George W. Bush is a hit on the motivational speakers' circuit
FORT WORTH -- After nine months of being nearly invisible -- a big outing has been to a Dallas hardware store for flashlights -- George W. Bush made his debut Monday in his latest incarnation: motivational speaker.
Nearly 15,000 people heard the former president, known more for mangling the English language than for his eloquence, reminisce about his White House days. Bush, who is writing a book about the dozen toughest decisions he had to make, used much of his 28 minutes onstage to talk about lighter topics such as picking out a rug design for the Oval Office that reflected his "optimism."
Perhaps in a nod to his dismal 22 percent approval ratings when he left office, Bush noted that "popularity is fleeting. . . . It's not real."
He beamed at the standing ovations from the friendly hometown crowd -- he now lives in nearby Dallas.
Looking younger than his 63 years and relaxed, Bush did not appear to have an overarching theme, but strung anecdotes and jokes together and frequently mentioned his faith in God.
"I don't see how you can be president without relying on the Almighty. Now when I was 21, I wouldn't have told you that, but at age 63, I can tell you that one of the most amazing surprises of the presidency was the fact that people's prayers affected me. I can't prove it to you. But I can tell you some days were great, some days not so great. But every day was joyous." That, he attributed, to the prayers of others.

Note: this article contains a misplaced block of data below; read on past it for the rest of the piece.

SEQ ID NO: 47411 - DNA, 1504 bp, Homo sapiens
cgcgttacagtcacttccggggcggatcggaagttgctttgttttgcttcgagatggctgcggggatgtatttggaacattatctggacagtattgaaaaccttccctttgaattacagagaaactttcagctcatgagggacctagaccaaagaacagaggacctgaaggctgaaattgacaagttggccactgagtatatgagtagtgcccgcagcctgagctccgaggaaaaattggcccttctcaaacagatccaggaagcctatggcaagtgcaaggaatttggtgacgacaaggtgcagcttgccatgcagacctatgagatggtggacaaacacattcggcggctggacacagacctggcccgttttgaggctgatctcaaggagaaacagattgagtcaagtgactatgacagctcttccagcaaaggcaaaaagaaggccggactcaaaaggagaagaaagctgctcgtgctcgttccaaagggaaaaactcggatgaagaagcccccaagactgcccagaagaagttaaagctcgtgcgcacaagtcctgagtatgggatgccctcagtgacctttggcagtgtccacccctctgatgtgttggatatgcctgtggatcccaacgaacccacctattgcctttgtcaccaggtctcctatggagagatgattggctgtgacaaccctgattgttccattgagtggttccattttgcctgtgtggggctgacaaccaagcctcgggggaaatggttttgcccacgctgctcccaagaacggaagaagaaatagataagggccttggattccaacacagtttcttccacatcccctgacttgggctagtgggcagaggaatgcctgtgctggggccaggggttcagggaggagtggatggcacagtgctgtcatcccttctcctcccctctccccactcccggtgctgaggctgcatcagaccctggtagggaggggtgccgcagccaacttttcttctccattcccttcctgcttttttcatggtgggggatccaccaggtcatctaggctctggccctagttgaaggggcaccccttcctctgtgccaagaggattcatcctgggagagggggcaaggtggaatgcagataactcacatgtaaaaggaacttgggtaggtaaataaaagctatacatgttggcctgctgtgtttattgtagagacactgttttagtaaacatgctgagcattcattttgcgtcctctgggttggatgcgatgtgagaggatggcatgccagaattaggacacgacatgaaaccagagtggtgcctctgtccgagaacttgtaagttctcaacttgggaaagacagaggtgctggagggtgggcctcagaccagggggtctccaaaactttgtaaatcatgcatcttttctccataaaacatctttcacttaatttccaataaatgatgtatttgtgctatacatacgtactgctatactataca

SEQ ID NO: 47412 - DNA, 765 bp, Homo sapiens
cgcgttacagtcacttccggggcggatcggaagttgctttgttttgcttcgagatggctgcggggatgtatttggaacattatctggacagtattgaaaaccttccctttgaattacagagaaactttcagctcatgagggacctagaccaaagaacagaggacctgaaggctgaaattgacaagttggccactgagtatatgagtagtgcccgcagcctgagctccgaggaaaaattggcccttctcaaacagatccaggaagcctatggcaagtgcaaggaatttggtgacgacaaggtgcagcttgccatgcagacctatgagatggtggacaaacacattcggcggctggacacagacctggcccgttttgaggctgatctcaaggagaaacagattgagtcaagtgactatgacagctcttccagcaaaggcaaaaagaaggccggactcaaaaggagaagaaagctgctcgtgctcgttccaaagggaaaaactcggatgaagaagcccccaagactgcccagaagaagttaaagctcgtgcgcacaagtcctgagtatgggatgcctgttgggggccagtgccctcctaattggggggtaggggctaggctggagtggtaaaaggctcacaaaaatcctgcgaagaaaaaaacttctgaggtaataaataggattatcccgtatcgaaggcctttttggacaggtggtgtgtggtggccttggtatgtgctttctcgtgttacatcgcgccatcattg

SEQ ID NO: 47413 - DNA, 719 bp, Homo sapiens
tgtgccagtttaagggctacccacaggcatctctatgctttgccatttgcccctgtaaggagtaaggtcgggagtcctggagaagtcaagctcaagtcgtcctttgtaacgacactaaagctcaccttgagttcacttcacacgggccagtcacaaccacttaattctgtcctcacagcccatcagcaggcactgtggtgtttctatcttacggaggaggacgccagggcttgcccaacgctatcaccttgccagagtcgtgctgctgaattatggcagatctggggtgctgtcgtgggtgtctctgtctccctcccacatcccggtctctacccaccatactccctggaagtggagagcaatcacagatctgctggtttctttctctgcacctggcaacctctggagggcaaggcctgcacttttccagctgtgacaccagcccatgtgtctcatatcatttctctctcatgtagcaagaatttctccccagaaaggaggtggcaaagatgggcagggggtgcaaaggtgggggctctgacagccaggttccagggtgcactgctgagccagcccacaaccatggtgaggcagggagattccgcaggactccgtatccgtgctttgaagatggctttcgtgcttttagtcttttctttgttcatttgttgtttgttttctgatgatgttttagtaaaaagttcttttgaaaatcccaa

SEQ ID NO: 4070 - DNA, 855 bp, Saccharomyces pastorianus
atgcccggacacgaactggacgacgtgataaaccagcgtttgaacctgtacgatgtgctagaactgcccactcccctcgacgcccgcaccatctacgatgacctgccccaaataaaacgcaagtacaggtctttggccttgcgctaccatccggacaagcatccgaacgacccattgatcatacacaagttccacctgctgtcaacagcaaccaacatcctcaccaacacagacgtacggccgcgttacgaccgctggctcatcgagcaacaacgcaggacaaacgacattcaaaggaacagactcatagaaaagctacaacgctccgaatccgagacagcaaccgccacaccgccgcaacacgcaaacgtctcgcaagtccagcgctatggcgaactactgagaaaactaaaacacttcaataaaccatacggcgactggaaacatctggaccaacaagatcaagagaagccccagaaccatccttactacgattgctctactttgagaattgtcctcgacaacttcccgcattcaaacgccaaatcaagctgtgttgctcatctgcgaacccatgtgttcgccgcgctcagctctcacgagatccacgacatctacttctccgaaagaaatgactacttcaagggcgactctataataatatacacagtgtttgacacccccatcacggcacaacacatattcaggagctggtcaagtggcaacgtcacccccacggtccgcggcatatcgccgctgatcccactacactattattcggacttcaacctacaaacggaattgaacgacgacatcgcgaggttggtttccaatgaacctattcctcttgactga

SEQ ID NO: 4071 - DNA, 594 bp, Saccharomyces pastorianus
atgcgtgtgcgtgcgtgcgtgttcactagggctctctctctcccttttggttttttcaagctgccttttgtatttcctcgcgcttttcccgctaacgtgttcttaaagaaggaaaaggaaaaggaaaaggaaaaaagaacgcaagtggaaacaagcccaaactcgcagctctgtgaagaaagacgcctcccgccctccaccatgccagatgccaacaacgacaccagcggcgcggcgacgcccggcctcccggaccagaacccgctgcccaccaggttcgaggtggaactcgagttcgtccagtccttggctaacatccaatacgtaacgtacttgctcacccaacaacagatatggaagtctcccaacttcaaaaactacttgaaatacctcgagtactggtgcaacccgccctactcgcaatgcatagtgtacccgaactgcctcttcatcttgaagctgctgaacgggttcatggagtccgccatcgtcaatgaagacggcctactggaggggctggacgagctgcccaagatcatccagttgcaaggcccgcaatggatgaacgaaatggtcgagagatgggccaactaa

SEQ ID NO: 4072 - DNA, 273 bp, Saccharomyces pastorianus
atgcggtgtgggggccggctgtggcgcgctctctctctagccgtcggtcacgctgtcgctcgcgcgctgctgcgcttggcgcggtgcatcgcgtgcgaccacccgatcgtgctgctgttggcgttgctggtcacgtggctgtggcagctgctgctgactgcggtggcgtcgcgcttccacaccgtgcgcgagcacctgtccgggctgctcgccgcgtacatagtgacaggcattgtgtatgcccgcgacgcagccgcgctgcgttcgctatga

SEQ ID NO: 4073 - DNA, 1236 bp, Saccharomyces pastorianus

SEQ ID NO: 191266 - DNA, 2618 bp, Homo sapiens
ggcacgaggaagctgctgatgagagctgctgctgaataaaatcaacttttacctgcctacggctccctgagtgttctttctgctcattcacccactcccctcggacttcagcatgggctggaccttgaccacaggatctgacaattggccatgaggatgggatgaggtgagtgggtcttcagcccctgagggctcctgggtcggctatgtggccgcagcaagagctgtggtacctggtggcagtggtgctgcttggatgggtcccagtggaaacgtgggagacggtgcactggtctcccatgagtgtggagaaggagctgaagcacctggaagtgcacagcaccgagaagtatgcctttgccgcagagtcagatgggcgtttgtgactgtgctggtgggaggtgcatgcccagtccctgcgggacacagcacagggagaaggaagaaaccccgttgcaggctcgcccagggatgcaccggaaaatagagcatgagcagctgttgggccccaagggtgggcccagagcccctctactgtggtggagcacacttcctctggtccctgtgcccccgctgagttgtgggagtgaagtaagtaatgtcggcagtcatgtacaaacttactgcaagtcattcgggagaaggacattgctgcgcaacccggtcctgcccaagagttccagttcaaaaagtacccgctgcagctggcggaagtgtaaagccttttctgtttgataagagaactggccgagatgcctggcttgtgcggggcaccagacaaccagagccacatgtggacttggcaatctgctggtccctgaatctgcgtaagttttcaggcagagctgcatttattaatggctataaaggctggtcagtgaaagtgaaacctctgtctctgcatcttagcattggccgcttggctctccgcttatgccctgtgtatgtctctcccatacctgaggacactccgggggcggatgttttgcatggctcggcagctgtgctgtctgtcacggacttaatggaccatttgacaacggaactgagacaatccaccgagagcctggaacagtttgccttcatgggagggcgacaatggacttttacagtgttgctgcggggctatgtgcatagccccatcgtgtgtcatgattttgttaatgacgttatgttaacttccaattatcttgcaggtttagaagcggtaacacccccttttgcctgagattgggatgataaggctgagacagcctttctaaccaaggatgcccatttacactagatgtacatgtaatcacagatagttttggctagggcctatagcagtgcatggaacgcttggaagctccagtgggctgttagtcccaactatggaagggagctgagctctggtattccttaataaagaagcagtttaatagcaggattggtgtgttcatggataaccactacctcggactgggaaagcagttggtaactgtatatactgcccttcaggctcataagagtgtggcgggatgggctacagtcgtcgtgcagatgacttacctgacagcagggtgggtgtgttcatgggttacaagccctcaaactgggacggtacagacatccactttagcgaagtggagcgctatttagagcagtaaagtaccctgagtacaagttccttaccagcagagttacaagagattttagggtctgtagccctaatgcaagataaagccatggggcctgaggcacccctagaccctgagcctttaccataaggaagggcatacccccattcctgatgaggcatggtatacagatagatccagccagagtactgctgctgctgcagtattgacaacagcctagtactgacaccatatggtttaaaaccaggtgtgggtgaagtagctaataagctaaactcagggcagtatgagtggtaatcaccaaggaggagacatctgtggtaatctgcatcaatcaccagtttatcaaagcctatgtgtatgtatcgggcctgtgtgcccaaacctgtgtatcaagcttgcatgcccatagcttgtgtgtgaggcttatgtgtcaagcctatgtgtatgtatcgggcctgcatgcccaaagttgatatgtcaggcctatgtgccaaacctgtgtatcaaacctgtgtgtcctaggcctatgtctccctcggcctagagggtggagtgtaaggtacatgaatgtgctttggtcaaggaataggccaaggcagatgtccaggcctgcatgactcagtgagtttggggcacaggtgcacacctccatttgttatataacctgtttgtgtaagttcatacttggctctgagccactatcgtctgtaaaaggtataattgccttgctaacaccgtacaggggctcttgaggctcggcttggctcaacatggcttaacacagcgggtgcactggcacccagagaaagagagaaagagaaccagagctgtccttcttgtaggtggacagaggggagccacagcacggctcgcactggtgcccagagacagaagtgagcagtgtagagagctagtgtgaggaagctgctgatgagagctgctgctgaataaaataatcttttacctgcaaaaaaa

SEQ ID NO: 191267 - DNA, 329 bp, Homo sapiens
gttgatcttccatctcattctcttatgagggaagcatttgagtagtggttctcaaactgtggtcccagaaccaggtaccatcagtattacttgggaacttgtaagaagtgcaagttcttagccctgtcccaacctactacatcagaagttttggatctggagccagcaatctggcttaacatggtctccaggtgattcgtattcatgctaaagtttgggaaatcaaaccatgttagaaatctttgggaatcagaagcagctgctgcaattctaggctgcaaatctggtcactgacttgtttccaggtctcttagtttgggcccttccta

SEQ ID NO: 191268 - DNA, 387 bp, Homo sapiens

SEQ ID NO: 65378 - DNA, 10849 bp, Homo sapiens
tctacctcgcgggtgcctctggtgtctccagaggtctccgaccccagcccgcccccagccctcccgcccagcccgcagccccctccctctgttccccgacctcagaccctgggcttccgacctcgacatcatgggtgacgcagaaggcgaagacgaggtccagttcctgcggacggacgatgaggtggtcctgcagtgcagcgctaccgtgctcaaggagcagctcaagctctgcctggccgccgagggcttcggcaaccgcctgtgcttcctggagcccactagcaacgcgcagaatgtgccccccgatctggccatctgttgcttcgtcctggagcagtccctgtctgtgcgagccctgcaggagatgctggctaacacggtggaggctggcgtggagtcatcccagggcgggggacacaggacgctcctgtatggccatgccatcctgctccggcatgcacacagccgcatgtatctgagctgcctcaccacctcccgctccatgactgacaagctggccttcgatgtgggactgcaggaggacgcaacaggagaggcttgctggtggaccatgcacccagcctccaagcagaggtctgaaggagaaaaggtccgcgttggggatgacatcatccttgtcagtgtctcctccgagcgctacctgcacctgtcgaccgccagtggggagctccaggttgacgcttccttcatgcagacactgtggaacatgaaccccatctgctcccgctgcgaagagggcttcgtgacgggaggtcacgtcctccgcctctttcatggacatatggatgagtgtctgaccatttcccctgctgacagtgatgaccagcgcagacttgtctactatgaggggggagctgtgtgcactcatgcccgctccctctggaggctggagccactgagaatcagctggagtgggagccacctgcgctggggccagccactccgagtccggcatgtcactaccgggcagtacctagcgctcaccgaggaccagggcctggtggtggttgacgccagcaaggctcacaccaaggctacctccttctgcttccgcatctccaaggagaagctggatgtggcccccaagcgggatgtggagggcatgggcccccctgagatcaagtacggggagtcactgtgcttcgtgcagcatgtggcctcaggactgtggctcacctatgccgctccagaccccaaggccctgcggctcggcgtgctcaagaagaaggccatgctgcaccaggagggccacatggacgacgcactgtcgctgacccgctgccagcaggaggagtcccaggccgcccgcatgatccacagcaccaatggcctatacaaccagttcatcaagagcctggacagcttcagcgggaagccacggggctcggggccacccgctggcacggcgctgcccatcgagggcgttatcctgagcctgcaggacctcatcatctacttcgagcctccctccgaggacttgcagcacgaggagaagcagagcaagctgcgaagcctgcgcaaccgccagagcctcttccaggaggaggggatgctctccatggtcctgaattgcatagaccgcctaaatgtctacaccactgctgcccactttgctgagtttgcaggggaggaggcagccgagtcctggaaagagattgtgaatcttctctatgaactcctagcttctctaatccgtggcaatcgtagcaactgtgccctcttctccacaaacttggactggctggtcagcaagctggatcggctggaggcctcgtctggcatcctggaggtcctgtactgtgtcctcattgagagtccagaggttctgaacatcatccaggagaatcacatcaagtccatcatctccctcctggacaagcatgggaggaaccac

His speech came after the crowd at the "GET MOTIVATED!" seminar stood up and danced to the Beach Boys' song "Surfin' USA" and batted around beach balls tossed into the audience.
The well-publicized event appears to mark the beginning of a higher profile for Bush.
Just last week he gave three speeches in Canada, and he has joined the Washington Speakers Bureau. He is scheduled to give another motivational speech next month in San Antonio. Former presidential adviser Karen Hughes said he has "quite a few speeches planned" during the fall.
Along with his book, due out next year, Bush is planning his new presidential library and policy institute at Southern Methodist University -- the alma mater of Laura Bush. He also has been spotted riding his mountain bike on local trails.
Many people interviewed afterward said they liked Bush, perhaps even because he wasn't the best speaker of the day. He could have said a thesaurus was a big scaly creature that roamed the planet millions of years ago and they would have applauded.
His most memorable story, one after another said, was about Barney, his Scottie: